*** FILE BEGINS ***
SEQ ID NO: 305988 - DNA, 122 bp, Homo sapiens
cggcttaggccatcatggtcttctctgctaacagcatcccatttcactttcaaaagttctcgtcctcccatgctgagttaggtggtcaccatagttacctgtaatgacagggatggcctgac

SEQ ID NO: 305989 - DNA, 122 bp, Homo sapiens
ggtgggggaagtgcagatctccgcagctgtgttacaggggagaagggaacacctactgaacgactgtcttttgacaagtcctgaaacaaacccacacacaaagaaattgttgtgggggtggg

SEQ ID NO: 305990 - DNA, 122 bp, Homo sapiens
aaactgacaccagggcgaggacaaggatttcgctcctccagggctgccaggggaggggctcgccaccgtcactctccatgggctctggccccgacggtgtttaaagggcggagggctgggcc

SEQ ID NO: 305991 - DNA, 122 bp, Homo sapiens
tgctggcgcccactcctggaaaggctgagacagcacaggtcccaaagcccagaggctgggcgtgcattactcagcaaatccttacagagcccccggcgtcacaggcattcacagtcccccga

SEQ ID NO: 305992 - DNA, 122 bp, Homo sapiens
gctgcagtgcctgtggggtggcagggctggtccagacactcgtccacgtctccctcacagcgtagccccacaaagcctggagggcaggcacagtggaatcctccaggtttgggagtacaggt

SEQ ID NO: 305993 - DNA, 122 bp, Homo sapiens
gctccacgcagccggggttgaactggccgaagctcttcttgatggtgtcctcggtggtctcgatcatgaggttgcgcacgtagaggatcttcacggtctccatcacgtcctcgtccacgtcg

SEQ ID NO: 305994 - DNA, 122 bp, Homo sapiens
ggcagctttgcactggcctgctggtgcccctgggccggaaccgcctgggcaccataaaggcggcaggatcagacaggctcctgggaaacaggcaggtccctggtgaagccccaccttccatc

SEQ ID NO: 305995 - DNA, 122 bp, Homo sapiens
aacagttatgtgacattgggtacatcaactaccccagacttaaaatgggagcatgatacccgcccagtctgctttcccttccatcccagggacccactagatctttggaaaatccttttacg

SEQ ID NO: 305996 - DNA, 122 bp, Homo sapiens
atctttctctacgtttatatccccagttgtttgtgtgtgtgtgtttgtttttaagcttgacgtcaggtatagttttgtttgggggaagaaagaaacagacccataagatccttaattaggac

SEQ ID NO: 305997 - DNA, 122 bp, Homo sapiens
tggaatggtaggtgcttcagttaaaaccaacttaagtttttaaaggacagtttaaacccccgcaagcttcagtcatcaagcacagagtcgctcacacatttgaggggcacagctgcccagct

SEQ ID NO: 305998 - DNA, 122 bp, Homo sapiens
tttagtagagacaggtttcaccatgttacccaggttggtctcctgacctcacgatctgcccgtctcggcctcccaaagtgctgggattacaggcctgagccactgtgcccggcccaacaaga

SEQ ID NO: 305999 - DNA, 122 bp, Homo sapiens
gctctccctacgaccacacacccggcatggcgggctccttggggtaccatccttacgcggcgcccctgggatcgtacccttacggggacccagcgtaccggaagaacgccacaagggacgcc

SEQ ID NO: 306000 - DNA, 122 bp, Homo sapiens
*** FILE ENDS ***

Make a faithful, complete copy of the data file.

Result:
SEQ ID NO: 305988 - DNA, 122 bp, Homo sapiens
cggcttaggccatcatggtcttctctgctaacagcatcccatttcactttcaaaagttctcgtcctcccatgctgagttaggtggtcaccatagttacctgtaatgacagggatggcctgac

SEQ ID NO: 305989 - DNA, 122 bp, Homo sapiens
ggtgggggaagtgcagatctccgcagctgtgttacaggggagaagggaacacctactgaacgactgtcttttgacaagtcctgaaacaaacccacacacaaagaaattgttgtgggggtggg

SEQ ID NO: 305990 - DNA, 122 bp, Homo sapiens
aaactgacaccagggcgaggacaaggatttcgctcctccagggctgccaggggaggggctcgccaccgtcactctccatgggctctggccccgacggtgtttaaagggcggagggctgggcc

SEQ ID NO: 305991 - DNA, 122 bp, Homo sapiens
tgctggcgcccactcctggaaaggctgagacagcacaggtcccaaagcccagaggctgggcgtgcattactcagcaaatccttacagagcccccggcgtcacaggcattcacagtcccccga

SEQ ID NO: 305992 - DNA, 122 bp, Homo sapiens
gctgcagtgcctgtggggtggcagggctggtccagacactcgtccacgtctccctcacagcgtagccccacaaagcctggagggcaggcacagtggaatcctccaggtttgggagtacaggt

SEQ ID NO: 305993 - DNA, 122 bp, Homo sapiens
gctccacgcagccggggttgaactggccgaagctcttcttgatggtgtcctcggtggtctcgatcatgaggttgcgcacgtagaggatcttcacggtctccatcacgtcctcgtccacgtcg

SEQ ID NO: 305994 - DNA, 122 bp, Homo sapiens
ggcagctttgcactggcctgctggtgcccctgggccggaaccgcctgggcaccataaaggcggcaggatcagacaggctcctgggaaacaggcaggtccctggtgaagccccaccttccatc

SEQ ID NO: 305995 - DNA, 122 bp, Homo sapiens
aacagttatgtgacattgggtacatcaactaccccagacttaaaatgggagcatgatacccgcccagtctgctttcccttccatcccagggacccactagatctttggaaaatccttttacg

SEQ ID NO: 305996 - DNA, 122 bp, Homo sapiens
atctttctctacgtttatatccccagttgtttgtgtgtgtgtgtttgtttttaagcttgacgtcaggtatagttttgtttgggggaagaaagaaacagacccataagatccttaattaggac

SEQ ID NO: 305997 - DNA, 122 bp, Homo sapiens
tggaatggtaggtgcttcagttaaaaccaacttaagtttttaaaggacagtttaaacccccgcaagcttcagtcatcaagcacagagtcgctcacacatttgaggggcacagctgcccagct

SEQ ID NO: 305998 - DNA, 122 bp, Homo sapiens
tttagtagagacaggtttcaccatgttacccaggttggtctcctgacctcacgatctgcccgtctcggcctcccaaagtgctgggattacaggcctgagccactgtgcccggcccaacaaga

SEQ ID NO: 305999 - DNA, 122 bp, Homo sapiens
gctctccctacgaccacacacccggcatggcgggctccttggggtaccatccttacgcggcgcccctgggatcgtacccttacggggacccagcgtaccggaagaacgccacaagggacgcc

SEQ ID NO: 306000 - DNA, 122 bp, Homo sapiens